Fundamentals for Great Prints

 

Lesson Info

Printing From Lightroom®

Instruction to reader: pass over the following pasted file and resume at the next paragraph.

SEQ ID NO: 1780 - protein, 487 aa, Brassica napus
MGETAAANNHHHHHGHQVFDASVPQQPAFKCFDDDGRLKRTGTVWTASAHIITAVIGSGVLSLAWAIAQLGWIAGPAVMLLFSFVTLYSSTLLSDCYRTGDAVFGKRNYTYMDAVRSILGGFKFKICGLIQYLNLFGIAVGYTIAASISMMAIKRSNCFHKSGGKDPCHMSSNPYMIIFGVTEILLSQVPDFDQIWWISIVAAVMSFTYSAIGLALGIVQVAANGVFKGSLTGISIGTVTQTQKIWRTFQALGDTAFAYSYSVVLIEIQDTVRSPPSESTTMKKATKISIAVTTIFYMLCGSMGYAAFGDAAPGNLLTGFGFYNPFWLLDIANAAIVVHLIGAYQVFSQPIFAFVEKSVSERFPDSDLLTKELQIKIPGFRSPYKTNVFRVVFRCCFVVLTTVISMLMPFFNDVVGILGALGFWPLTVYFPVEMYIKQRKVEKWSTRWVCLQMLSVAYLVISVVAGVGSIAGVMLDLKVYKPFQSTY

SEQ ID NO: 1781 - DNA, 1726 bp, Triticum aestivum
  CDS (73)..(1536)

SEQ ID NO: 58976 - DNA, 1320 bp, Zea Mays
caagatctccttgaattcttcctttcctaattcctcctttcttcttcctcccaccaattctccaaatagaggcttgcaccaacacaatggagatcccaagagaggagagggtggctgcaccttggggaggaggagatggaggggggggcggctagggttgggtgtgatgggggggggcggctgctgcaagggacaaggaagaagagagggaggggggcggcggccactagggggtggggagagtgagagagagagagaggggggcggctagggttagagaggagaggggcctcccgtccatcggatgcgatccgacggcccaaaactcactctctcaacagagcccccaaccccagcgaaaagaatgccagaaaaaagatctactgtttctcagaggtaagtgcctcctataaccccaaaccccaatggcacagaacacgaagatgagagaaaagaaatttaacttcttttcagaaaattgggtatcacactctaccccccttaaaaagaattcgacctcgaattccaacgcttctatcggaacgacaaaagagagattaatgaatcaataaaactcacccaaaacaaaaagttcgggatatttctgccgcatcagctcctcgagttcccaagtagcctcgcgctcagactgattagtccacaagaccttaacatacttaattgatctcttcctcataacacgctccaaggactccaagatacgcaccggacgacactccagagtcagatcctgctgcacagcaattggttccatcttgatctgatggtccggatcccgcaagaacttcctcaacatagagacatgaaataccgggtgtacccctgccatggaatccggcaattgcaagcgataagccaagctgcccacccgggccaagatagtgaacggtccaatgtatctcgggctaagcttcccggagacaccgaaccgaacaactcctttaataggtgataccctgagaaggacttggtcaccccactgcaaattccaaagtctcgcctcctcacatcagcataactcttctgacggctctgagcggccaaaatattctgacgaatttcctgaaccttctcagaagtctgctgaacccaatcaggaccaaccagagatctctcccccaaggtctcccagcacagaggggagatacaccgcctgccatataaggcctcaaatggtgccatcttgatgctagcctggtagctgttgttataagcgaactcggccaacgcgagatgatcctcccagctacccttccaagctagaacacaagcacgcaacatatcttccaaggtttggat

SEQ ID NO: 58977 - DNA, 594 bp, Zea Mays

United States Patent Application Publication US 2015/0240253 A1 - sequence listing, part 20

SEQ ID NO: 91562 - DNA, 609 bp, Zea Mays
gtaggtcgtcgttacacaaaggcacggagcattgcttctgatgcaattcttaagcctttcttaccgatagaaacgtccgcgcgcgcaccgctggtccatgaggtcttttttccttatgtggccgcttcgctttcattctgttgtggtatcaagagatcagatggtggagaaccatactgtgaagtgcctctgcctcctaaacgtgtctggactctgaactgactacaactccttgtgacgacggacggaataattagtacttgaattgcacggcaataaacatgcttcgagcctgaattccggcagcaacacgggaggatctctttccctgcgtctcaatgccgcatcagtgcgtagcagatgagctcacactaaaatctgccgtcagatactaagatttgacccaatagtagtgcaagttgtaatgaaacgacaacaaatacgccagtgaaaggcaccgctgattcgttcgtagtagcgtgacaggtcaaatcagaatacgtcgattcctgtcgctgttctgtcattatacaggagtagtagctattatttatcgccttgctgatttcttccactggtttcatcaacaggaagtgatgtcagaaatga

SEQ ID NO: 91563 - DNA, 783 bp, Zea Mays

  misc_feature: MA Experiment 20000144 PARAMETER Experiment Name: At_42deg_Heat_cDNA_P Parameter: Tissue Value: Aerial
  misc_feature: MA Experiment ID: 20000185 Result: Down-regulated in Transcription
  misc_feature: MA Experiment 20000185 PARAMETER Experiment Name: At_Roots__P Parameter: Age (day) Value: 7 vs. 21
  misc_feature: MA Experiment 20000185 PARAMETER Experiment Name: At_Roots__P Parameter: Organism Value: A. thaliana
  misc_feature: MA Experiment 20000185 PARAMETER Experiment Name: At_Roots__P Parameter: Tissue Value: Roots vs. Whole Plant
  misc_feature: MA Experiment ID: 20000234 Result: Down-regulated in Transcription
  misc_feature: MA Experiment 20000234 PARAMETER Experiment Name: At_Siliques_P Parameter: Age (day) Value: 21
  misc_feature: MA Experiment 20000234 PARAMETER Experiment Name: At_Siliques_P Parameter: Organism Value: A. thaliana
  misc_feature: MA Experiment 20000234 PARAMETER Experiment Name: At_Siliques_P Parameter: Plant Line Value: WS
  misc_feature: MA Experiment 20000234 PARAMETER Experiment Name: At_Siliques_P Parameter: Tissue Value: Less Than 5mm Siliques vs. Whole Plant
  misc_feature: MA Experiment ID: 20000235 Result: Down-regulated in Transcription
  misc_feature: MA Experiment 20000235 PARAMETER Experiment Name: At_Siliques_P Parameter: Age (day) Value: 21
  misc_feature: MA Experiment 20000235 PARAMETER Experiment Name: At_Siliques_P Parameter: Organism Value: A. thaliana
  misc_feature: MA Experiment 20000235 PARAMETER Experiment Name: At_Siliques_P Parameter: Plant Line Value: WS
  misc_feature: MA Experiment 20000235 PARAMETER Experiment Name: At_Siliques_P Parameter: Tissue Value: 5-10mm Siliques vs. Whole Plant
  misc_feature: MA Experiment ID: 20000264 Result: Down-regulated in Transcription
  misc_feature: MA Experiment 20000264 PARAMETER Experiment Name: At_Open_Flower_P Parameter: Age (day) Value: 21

So we're gonna go to the print module. And I'm gonna take you through the print module and show you each of the major buttons we need to think about inside of that print module. And I'm gonna skip over a few things that I'm gonna cover in the second segment of the class. But you'll get a good feel for what you need to accomplish to get really great prints. So we're gonna start with the print module and then the first thing I'm gonna do is go to page setup and talk about these details in page setup. Alright, back to the computer. The cool thing about Lightroom is you can seamlessly work back and forth between your library, between the develop pane, and any of the other modules like the print module. So, you know, I started in the library in what I call the grid. I went to develop. And now I'm gonna go over to print. So here's the print module. And it's scary. I'm serious. The first time I started working in Lightroom, print module, I'm like oh my gosh, what do I do? There's like so much...